Roman Religion and Ideas About Afterlife in Petronius Satyricon Essay

Pages: 5 (1450 words)  ·  Style: MLA  ·  Bibliography Sources: 1  ·  File: .docx  ·  Level: College Senior  ·  Topic: Mythology - Religion

Satyricon

"Litterae thesaurum est."

(The Satyricon, sec. 46)

During the time of Petronius, who lived during the reign of the Emperor Nero, in one of the most reportedly "unpredictable and daunting periods of Roman history," the perception of the afterlife likely consisted of a Platonic manner. The Satyricon, which reflects the debauchery of Nero's Rome, is noted as the most significant, surviving prose from the ancient world. Some describe this work as "the first realistic novel, the father of the picaresque genre. It recounts the sleazy progress of a pair of literate scholars as they wander through the cities of the southern Mediterranean in the age of Nero, encountering en route type-figures whom the author wishes to satirize" (Petronius, 1999, unnumbered). This paper contends that The Satyricon, by Petronius reveals that Roman religion purported that divine justice delegate rewards and punishments to humans; that afterlife did exist, and that then, as now included the perception of heaven and hell. The researcher asserts that the quote introducing this study: "Litterae thesaurum est," "Education is a treasure" (The Satyricon, sec. 46) aptly applies to the work invested in this study; that it simultaneously serves to educate the researcher, as well as the reader.

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Walsh's introduction in the translated book, The Satyricon, notes a number of intentions and meanings related in the work, along with explain the history of literary influence from The Satyricon. The date Petronius, who lived in Tacitus, "published" The Satyricon is not clear. It is deduced, nevertheless, that Petronius, committed suicide in early AD 66, which contributes the proposition the work may have been created sometime during AD 63-65 (Petronius, 1999)/

Here and Now Primarily Considered

Essay on Roman Religion and Ideas About Afterlife in Petronius Satyricon Assignment

Epicurus, the sage, taught that fearing death was foolish. He contended that because consciousness is physical, there was no afterlife, "only oblivion, and so there is nothing to fear. People should devote themselves to the here and now to the discerning management of their bodies and their practical affairs that is the only source of real benefit" (Ruden, p. 186). The researcher notes the following quote, albeit supports the thesis for This paper, that the afterlife is perceived to be real. "Glyco! you've paid your price; as long as you live, you're a marked man, - a brand Hell only can obliterate. A man's mistakes always come home to roost" (Petronius, 1999, p. 125).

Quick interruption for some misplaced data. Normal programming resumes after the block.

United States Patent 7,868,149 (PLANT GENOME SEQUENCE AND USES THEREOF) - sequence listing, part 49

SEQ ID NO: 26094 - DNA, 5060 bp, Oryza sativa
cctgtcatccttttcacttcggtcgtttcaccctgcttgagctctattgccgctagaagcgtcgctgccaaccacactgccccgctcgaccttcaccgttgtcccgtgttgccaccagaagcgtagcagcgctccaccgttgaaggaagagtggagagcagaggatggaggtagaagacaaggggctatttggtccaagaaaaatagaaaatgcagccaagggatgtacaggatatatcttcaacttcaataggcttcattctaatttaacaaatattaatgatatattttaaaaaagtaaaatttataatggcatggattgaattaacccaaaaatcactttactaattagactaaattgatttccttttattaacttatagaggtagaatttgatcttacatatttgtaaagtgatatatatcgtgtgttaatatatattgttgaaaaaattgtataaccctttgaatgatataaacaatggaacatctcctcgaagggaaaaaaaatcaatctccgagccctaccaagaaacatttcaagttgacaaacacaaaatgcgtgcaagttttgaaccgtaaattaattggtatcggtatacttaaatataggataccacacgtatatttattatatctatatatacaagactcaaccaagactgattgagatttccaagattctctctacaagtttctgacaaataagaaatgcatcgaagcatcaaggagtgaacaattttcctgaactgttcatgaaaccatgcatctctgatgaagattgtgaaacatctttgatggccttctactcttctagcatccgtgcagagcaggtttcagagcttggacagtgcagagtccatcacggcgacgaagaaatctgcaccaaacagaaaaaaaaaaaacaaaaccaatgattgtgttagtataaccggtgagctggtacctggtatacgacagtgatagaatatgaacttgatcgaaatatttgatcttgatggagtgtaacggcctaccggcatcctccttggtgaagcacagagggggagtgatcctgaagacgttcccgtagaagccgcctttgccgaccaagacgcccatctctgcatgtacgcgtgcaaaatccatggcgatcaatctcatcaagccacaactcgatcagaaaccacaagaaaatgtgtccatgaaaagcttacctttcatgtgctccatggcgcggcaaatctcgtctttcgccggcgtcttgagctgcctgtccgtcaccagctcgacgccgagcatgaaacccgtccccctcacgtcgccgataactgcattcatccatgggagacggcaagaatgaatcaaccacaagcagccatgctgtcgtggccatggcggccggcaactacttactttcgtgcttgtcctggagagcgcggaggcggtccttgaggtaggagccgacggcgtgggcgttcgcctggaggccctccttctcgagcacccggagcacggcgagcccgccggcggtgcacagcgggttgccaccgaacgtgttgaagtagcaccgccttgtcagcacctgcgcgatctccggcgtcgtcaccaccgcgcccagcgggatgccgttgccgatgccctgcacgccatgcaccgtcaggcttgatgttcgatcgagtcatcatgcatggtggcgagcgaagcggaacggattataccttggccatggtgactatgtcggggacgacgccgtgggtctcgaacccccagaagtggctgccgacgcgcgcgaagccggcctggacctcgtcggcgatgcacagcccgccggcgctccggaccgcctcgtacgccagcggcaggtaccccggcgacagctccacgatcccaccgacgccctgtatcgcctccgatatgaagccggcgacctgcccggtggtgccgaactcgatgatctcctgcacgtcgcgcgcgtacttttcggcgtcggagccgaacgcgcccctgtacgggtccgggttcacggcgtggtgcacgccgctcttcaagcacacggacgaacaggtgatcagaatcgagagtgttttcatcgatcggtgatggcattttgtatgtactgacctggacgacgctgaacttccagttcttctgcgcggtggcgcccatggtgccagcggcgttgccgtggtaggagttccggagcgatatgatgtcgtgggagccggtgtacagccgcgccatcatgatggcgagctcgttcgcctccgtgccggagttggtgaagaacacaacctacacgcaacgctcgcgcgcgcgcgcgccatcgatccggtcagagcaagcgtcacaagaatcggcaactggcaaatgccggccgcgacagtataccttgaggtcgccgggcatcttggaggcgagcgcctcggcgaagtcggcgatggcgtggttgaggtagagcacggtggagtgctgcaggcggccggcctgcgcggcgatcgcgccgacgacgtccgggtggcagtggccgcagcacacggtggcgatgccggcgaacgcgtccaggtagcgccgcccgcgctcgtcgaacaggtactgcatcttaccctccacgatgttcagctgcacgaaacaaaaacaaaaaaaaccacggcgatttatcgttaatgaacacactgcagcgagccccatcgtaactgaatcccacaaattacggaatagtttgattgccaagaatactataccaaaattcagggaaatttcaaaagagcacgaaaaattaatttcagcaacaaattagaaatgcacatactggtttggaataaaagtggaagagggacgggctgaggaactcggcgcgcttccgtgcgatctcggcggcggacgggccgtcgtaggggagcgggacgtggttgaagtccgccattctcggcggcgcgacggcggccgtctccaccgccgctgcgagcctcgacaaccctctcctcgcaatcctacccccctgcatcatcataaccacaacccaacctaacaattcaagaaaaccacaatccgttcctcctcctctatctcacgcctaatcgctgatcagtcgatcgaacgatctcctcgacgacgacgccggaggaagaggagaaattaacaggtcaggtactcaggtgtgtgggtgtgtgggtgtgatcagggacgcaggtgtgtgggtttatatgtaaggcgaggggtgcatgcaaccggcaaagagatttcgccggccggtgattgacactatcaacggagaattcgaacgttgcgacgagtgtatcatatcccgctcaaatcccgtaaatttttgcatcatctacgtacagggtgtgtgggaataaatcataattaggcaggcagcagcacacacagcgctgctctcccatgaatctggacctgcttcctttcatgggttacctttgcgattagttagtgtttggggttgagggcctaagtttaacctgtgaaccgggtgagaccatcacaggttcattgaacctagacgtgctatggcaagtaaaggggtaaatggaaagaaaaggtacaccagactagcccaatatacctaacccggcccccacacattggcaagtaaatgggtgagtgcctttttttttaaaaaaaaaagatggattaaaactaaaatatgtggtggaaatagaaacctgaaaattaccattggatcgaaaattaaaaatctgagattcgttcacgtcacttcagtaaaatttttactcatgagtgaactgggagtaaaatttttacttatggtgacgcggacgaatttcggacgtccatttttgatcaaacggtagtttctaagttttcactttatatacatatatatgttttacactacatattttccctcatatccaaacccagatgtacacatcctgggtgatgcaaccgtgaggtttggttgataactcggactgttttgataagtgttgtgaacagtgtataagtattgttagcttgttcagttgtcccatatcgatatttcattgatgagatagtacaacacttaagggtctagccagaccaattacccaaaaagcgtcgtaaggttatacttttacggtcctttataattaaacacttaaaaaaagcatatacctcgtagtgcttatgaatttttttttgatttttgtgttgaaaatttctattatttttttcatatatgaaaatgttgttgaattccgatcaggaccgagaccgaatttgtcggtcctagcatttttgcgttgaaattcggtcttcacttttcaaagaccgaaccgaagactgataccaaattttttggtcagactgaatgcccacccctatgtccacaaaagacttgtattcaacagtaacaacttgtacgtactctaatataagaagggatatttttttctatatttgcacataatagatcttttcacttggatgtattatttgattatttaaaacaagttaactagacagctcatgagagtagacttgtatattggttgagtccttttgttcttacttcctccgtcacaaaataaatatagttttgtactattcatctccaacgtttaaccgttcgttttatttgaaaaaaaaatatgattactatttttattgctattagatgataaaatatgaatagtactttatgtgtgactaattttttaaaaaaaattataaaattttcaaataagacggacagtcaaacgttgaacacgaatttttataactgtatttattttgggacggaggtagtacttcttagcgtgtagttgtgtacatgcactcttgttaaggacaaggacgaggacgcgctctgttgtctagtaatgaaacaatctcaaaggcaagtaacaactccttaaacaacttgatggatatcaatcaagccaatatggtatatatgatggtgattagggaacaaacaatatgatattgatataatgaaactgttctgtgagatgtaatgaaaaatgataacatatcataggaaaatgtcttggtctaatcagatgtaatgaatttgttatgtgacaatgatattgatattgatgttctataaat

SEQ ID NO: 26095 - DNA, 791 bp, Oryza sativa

A further support supporting this paper's thesis is found on page 129: "If he kicks, I've made up my mind to teach him a trade, - a barber, or an auctioneer, or best of all a lawyer, - which nothing but Hell can rob him of (Petronius, 1999).

Roman Religion

Trimalchio invented "household gods" after he acquired a household. These included:

1. The "guardian spirits" or personal gods the freedmen keep invoking;

2. Priapus, a god with a giant phallus, revenging himself on En-colpius for some slight and making him impotent;

3. The "sacred goose" killed near the end of the extant novel. (Ruden, 2000, p. 168)

Roman religion, Petronius indicates, may appear to mirror a free-for-all. Historically, nevertheless, the Ro-man beliefs about the supernatural scene appeared to almost replicate the fictional depictions in The Satyricon. A primary religious difference Petronius reveals between the ancient and contemporary is that the ancient was "polytheistic, worshipping man gods" (Ibid.) In time, monotheism-religion of one god evolved, and won over the contention of a number of gods. Romans beliefs and practices included the perception that the di-vine world was immediate and tangible. The following segment reflects more about the Roman religion:

Romans were an agri-cultural people until quite late. Farmers tend to feel a reciprocal rela-tionship with entities they live and work around, particularly with powerful natural forces. Animism, the belief that inanimate things are alive, led to a huge array of Roman gods attached to everyday life. & #8230; Robigo, the god of rust blight, whom farmers propitiated in the interest of their grain crops. Romans imagined the Olympian gods (Jupiter. Juno, Minerva, Apollo. Venus, and others whose home was thought to be in the sky above Mount Olympus) to be more remote, but even with these they cultivated personal relationships, asking favors in exchange for gifts and avoiding giving personal offense through wrong-doing in any particular god's domain, such as sex or commerce. It was as if these celestial beings were powerful, rather touchy friends.… [END OF PREVIEW] . . . READ MORE

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